Establish a DAPT. A domestic asset protection trust (DAPT) can be an attractive vehicle because, although it’s irrevocable, it provides you with creditor protection even if you’re a discretionary beneficiary. DAPTs are permitted in around one-third of the states, but you don’t necessarily have to live in one of those states to take advantage of a DAPT. However, you’ll probably have to locate some or all of the trust assets in a DAPT state and retain a bank or trust company in that state to administer the trust.
The amount of protection provided by a DAPT varies from state to state. Also, the enforceability of a DAPT whose grantor resides in another state hasn’t yet been fully tested in the courts. So careful planning is critical.
Establish an offshore trust. For greater certainty, consider an offshore trust. These trusts are similar to DAPTs, but they’re established in foreign countries with favorable asset protection laws. For example, these countries typically don’t recognize judgments or orders by U.S. courts and otherwise make it difficult for foreign creditors to collect their debts there. Although offshore trusts are irrevocable, some countries allow a trust to become revocable after a specified time, enabling you to retrieve the assets when the risk of loss has abated.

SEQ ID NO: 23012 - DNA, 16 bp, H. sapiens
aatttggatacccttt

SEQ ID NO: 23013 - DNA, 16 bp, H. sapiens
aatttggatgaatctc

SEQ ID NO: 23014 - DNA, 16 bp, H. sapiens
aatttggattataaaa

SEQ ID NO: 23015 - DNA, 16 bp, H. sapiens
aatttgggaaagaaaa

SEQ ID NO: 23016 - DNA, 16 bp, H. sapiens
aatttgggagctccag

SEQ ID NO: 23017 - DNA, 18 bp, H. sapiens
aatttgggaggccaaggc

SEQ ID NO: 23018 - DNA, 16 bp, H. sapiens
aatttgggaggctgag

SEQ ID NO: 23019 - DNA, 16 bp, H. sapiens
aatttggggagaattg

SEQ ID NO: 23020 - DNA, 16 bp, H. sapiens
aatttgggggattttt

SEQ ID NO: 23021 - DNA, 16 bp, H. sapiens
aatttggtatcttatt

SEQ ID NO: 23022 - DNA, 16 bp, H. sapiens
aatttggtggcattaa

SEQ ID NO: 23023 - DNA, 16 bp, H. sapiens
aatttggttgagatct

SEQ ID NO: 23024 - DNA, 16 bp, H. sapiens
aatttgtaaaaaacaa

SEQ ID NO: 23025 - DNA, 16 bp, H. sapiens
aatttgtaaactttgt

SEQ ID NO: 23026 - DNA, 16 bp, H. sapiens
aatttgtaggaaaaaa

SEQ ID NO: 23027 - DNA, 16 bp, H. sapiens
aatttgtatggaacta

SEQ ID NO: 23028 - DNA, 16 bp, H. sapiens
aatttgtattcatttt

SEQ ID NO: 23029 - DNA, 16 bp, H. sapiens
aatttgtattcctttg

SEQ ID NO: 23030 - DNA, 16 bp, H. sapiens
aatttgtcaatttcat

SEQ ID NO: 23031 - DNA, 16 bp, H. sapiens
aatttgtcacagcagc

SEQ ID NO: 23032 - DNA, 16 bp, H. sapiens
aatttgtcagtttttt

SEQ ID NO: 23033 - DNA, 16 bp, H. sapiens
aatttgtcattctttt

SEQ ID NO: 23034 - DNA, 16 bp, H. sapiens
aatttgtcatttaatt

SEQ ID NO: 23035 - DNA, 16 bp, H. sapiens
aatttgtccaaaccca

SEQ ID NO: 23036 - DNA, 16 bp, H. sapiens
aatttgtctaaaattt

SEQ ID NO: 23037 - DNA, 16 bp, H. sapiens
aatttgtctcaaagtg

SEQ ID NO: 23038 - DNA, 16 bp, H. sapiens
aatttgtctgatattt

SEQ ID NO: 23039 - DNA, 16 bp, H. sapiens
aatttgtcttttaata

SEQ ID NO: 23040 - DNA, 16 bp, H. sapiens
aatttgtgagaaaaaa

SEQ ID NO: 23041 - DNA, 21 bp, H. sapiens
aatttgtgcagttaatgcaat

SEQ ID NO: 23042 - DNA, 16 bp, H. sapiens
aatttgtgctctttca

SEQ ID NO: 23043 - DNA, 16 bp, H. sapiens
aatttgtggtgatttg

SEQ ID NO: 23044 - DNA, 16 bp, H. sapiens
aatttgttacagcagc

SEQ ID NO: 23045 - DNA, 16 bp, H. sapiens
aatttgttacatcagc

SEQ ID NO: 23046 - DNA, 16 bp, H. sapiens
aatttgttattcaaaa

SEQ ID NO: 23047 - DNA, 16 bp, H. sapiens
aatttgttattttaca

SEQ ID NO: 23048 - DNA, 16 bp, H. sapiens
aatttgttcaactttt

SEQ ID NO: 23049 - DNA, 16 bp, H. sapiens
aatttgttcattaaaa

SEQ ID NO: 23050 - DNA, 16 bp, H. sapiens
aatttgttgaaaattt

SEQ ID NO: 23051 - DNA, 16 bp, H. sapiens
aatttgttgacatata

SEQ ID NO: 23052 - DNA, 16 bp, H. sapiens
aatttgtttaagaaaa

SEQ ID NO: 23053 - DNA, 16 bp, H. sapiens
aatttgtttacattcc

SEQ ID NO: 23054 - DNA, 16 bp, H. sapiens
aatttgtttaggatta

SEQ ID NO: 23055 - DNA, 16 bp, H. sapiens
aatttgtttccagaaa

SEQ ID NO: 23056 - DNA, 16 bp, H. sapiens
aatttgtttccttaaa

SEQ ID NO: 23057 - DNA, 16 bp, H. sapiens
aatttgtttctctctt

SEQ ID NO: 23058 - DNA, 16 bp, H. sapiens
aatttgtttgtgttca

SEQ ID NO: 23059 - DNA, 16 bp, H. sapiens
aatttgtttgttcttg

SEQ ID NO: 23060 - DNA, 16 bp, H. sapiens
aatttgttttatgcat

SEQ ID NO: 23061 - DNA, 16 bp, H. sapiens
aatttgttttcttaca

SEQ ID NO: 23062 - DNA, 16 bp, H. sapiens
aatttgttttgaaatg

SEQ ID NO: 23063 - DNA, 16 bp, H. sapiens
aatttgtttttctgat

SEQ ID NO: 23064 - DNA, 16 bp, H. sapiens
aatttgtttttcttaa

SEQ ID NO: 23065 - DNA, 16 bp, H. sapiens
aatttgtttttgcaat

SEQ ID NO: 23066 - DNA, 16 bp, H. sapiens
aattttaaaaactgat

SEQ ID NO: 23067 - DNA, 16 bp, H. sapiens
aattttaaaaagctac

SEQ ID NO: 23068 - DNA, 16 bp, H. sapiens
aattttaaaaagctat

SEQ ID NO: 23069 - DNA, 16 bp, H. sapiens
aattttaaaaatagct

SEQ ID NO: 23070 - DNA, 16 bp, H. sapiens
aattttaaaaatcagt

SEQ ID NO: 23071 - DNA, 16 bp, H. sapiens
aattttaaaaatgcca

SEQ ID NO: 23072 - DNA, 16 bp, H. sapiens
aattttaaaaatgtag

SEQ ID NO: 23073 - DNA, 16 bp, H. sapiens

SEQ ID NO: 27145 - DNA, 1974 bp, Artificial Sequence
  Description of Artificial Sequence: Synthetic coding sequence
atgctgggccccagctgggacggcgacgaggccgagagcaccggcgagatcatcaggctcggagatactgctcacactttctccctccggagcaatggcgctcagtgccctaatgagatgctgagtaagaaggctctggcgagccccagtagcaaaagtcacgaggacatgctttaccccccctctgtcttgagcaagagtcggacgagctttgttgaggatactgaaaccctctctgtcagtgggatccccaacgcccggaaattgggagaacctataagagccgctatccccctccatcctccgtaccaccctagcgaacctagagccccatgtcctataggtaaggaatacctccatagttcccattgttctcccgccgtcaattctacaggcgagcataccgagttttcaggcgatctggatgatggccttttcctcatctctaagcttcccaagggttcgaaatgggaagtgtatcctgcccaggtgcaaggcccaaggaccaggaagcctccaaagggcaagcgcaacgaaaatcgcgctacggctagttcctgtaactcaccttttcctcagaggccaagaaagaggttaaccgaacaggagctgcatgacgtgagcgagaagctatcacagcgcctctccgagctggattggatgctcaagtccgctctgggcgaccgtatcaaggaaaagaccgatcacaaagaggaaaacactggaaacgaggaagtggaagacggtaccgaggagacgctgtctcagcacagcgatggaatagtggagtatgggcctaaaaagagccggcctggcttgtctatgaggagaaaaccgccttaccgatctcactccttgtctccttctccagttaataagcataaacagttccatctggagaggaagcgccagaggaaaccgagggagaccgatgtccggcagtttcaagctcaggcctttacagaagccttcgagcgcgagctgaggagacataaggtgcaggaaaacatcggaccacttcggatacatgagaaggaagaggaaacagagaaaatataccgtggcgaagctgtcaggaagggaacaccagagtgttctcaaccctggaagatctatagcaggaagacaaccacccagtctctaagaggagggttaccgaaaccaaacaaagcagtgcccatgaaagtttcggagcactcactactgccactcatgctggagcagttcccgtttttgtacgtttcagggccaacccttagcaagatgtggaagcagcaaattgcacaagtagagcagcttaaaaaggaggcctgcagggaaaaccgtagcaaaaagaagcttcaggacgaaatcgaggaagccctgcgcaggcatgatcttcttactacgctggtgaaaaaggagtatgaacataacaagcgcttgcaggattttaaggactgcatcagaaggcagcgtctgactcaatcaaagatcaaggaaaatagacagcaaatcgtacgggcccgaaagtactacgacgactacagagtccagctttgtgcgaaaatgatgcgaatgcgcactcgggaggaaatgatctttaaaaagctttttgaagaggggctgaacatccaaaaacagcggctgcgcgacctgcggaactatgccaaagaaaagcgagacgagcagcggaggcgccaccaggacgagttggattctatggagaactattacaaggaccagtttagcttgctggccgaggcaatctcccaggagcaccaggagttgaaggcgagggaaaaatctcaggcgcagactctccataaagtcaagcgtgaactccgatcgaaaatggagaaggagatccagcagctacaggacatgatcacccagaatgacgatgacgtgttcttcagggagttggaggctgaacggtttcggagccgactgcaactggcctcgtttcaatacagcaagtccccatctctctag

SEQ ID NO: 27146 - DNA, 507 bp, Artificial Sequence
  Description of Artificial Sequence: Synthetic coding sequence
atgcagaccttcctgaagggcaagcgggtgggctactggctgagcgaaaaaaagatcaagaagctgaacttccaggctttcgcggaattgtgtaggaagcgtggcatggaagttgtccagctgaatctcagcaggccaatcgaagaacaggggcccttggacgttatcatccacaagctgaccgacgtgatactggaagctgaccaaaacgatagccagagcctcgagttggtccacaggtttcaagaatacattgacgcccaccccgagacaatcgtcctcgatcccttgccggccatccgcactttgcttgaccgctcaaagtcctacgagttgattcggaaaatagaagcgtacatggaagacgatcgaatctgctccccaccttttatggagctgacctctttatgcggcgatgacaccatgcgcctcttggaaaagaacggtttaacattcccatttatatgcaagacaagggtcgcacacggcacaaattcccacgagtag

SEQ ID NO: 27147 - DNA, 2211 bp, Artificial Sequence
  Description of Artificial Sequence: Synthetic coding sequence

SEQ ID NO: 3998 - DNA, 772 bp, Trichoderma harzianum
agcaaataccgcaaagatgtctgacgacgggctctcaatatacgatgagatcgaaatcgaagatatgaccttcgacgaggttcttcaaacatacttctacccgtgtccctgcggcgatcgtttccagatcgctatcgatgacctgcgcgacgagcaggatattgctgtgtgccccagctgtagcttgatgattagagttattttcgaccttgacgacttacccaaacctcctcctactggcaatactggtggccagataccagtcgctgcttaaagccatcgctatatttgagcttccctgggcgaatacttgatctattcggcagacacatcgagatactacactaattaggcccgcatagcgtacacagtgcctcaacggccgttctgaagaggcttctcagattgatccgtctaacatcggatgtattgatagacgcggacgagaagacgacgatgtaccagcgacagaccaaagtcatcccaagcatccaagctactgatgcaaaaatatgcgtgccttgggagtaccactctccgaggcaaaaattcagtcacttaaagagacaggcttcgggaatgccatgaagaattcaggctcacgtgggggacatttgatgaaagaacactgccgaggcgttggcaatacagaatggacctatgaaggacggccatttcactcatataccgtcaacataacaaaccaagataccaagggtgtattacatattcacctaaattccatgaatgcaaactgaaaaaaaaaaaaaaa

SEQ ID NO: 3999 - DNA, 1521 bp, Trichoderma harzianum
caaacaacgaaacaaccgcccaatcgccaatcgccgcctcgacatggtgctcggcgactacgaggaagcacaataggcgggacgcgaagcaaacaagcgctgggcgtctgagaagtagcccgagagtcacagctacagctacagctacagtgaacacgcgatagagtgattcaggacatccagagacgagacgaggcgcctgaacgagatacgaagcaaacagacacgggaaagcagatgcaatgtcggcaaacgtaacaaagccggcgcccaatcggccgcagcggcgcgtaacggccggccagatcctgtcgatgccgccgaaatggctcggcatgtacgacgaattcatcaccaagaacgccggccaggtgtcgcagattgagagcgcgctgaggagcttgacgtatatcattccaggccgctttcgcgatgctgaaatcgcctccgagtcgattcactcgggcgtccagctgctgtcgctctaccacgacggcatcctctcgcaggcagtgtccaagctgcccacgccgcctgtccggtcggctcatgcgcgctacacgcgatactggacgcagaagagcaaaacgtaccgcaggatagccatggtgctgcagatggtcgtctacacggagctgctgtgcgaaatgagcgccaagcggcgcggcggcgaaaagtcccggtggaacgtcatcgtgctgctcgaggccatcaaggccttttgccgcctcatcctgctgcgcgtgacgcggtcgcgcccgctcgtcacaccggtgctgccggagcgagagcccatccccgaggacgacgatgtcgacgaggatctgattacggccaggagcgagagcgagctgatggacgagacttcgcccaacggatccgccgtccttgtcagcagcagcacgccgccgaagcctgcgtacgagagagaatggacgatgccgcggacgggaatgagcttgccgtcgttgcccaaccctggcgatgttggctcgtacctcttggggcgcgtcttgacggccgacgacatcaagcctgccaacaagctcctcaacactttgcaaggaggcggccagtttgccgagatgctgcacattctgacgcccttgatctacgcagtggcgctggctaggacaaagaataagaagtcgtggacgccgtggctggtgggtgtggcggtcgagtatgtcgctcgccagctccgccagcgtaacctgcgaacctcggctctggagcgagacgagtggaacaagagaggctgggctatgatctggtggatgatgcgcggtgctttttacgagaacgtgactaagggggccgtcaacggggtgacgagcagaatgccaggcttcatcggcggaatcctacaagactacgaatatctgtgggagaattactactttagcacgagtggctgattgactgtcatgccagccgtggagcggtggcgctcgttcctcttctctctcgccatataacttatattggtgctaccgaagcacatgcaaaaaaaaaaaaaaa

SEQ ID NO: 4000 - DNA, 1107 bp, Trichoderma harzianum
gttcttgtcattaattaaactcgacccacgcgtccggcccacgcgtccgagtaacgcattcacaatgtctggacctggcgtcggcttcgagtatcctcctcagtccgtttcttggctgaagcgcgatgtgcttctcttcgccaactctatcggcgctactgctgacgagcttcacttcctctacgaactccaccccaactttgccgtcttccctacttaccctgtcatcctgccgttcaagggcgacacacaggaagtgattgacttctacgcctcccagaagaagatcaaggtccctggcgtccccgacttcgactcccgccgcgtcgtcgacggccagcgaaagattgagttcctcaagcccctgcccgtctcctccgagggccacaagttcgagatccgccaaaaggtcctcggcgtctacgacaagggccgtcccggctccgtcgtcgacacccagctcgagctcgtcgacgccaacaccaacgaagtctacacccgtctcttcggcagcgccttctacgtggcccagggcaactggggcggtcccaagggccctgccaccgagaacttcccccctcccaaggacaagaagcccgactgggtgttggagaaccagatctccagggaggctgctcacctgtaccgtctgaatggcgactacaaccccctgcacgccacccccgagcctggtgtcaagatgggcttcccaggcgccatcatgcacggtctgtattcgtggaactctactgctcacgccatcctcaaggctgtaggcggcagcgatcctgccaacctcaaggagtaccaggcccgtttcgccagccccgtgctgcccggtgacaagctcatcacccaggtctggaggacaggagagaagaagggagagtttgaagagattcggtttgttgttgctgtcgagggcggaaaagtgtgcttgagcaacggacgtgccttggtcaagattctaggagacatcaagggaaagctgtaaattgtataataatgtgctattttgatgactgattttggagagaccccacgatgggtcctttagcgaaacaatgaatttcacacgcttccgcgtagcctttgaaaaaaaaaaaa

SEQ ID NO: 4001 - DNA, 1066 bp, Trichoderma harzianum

A word of warning
Keep in mind that asset protection isn’t intended to help you avoid your financial responsibilities or evade legitimate creditors. Federal and state fraudulent conveyance laws prohibit you from transferring assets (to a trust or another person, for example) with the intent to hinder, delay or defraud existing or foreseeable future creditors. And certain types of financial obligations — such as taxes, alimony or child support — may be difficult or impossible to avoid.
Start planning now
To be effective, asset protection strategies should be implemented as early as possible. Their protection extends only to unanticipated future claims. Once a claim exists or is reasonably foreseeable, it may be too late.
Sidebar: Beware of foreign reporting requirements
If you decide to use an offshore trust, it’s critical to comply with applicable reporting requirements. For example, a U.S. owner of a foreign trust must ensure that the trustee files annual information returns on Form 3520-A, subject to a failure-to-file penalty equal to 5% of the value of the trust assets or $10,000, whichever is greater. In addition, U.S. beneficiaries of foreign trusts must file Form 3520 to report transactions with the trust, including any distributions they receive. The penalty for failure to file is 35% of the reportable amount or $10,000, whichever is greater.
These penalties can be devastating. In one case, the sole owner and beneficiary of a foreign trust liquidated the trust and took a distribution of more than $9 million. He failed to file Form 3520 or 3520-A, resulting in a penalty of more than $3 million.